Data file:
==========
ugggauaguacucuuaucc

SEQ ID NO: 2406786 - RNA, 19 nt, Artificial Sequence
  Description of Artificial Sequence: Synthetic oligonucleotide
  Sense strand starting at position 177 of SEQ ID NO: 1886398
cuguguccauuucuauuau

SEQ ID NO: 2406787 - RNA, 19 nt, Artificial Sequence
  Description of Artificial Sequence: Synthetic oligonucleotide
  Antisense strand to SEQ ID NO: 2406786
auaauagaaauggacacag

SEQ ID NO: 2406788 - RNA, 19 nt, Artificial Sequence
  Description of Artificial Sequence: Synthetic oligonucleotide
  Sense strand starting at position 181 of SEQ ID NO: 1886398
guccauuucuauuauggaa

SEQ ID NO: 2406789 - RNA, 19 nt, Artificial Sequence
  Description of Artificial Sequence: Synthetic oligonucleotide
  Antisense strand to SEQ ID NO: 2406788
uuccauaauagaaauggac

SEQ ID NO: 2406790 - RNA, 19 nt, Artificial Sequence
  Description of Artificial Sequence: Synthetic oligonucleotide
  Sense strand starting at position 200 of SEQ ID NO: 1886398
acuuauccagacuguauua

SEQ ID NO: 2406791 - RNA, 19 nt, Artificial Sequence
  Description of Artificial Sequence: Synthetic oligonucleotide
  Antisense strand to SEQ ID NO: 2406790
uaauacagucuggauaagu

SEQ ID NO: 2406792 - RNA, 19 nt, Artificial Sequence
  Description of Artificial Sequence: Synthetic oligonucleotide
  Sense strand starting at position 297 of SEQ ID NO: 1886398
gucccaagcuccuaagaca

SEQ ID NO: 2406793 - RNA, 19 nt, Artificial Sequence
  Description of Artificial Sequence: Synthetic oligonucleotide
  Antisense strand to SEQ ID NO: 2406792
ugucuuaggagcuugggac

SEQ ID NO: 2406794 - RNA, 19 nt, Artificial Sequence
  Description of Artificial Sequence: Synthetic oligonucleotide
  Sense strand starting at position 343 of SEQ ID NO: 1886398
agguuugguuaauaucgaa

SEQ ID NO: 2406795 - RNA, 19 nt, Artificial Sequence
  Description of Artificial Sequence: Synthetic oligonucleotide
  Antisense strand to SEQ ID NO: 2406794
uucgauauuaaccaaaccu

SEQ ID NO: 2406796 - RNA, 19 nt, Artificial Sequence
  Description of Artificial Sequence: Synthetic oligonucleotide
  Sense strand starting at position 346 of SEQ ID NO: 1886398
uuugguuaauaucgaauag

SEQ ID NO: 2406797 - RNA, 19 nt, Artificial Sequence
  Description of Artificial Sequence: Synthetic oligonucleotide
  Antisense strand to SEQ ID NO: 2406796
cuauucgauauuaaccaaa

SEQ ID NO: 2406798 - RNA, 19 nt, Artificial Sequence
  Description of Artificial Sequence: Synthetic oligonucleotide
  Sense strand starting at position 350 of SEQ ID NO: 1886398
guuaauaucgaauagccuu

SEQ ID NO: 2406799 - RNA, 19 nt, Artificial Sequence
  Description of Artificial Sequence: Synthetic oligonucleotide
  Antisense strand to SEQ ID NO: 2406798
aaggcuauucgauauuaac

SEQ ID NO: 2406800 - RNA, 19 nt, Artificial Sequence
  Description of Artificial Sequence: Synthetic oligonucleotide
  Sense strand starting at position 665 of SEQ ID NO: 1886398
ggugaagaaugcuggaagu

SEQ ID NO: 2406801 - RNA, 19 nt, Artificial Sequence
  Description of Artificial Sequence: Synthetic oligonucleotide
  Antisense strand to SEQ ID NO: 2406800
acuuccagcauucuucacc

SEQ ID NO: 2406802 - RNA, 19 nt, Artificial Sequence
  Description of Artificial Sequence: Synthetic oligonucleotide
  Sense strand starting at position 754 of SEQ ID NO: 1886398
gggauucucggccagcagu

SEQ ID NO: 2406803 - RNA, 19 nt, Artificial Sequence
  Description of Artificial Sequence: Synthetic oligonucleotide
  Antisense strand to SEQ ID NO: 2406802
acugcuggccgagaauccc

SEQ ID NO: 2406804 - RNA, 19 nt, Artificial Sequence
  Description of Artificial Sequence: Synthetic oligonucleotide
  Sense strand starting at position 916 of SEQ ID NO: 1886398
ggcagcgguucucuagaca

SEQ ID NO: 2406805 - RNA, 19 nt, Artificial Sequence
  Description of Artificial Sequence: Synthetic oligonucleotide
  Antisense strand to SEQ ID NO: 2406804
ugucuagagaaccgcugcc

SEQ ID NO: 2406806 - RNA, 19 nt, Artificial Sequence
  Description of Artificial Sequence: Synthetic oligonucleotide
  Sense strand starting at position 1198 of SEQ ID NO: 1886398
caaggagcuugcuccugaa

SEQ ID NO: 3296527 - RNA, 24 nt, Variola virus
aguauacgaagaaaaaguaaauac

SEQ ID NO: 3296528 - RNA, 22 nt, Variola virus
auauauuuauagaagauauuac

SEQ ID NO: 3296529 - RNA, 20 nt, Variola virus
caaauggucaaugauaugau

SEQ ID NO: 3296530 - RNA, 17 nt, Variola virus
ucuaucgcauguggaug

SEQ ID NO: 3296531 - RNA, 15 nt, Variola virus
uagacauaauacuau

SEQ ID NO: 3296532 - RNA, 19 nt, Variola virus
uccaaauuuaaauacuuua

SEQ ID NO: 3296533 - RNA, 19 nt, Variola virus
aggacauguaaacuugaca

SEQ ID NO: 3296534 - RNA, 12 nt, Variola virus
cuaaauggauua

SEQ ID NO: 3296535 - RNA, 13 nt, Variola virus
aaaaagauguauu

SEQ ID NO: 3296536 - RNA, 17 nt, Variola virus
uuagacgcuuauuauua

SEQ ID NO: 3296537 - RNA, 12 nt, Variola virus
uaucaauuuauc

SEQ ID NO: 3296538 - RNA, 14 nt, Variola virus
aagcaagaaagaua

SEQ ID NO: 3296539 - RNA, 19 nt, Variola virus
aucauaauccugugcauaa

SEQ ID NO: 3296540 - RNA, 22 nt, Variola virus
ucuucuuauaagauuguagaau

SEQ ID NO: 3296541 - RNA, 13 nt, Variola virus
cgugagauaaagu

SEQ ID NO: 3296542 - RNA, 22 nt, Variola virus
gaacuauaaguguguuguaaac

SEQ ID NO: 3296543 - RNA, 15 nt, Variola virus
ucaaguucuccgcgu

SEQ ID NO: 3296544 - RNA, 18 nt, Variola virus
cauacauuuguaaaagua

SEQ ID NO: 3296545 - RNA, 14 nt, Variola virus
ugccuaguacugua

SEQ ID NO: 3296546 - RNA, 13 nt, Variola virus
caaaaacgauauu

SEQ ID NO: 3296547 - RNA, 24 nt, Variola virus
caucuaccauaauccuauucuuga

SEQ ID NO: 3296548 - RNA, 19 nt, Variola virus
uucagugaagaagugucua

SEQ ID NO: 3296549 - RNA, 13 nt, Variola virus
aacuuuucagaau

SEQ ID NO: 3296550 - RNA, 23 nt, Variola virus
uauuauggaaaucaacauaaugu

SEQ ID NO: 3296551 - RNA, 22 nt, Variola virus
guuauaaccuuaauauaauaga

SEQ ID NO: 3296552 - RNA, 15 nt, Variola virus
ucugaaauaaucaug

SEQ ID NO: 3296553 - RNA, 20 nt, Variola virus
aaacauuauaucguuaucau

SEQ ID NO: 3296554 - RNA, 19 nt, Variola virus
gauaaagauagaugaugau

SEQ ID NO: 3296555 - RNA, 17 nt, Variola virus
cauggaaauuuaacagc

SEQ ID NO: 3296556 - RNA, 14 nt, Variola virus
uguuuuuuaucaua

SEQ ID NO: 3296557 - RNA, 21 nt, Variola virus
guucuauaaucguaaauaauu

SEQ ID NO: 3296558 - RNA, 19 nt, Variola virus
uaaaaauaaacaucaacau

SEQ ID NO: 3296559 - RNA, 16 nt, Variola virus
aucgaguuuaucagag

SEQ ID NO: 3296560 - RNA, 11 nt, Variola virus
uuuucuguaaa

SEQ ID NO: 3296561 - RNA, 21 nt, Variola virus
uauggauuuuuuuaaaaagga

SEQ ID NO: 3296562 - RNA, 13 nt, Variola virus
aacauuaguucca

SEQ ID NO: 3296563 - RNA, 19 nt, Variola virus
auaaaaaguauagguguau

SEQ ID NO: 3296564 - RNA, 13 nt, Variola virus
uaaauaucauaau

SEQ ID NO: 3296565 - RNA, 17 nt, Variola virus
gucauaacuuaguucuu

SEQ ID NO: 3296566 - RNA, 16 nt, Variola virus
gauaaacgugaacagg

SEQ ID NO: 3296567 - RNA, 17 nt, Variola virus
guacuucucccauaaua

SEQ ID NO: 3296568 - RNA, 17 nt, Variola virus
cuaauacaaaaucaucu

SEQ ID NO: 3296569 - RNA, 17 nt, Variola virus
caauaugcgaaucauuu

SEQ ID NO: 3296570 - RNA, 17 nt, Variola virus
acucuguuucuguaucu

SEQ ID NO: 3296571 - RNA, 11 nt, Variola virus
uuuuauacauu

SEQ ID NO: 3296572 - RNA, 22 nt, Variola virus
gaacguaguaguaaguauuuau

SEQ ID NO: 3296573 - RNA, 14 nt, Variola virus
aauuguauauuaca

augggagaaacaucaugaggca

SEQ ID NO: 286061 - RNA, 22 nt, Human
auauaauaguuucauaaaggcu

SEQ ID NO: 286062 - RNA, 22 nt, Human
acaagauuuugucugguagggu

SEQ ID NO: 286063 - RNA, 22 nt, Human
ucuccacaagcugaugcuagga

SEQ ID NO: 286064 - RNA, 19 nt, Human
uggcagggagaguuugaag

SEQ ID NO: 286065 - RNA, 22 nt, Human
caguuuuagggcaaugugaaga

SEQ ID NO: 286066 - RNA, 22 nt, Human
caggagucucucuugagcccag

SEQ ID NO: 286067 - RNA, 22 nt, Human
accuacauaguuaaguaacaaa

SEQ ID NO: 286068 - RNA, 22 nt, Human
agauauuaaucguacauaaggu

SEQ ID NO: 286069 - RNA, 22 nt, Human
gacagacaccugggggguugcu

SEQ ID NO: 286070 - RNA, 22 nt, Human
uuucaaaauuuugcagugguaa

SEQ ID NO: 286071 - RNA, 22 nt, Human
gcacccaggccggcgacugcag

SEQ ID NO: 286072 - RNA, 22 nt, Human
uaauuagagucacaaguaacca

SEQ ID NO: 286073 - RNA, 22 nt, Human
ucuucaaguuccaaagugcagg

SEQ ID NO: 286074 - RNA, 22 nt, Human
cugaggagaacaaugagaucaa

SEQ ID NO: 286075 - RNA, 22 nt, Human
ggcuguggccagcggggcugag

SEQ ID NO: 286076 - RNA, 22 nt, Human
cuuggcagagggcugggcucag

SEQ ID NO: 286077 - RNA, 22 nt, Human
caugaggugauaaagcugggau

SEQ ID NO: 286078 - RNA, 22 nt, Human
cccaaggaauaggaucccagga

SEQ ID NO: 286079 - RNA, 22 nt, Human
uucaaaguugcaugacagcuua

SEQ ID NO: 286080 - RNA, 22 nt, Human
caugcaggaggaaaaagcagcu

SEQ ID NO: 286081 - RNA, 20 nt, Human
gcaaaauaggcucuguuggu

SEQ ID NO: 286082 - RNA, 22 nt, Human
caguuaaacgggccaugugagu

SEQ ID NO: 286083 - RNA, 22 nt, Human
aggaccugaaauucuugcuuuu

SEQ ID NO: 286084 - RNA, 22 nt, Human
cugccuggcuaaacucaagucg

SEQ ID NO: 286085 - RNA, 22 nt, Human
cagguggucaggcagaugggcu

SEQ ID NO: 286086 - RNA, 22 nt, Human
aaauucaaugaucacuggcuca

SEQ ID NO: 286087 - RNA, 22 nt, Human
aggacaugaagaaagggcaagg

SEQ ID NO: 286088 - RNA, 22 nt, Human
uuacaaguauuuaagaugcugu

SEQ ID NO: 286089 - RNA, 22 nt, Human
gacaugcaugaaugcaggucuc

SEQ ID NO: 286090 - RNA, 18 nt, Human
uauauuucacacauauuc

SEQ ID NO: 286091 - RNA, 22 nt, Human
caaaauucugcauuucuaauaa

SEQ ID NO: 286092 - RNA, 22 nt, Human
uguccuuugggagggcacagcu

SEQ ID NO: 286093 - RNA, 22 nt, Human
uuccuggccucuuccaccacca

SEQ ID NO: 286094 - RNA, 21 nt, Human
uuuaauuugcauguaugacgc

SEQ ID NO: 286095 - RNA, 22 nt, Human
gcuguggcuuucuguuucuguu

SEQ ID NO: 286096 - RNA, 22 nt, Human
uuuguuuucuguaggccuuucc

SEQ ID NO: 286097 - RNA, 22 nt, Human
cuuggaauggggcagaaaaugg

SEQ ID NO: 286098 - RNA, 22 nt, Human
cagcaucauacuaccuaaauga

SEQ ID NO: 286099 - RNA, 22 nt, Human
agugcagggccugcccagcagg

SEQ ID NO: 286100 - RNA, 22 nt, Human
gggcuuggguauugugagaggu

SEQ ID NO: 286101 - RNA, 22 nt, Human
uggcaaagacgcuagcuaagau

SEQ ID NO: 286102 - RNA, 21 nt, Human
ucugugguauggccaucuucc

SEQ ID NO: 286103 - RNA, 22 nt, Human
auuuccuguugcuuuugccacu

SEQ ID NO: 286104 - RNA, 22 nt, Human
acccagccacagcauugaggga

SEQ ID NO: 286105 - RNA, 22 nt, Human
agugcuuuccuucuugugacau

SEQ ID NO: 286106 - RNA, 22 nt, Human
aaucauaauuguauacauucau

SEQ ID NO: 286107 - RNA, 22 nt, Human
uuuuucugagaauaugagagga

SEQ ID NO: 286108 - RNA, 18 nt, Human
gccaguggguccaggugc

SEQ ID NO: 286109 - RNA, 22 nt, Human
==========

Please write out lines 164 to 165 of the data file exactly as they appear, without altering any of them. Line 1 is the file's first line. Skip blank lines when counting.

SEQ ID NO: 3296566 - RNA, 16 nt, Variola virus
gauaaacgugaacagg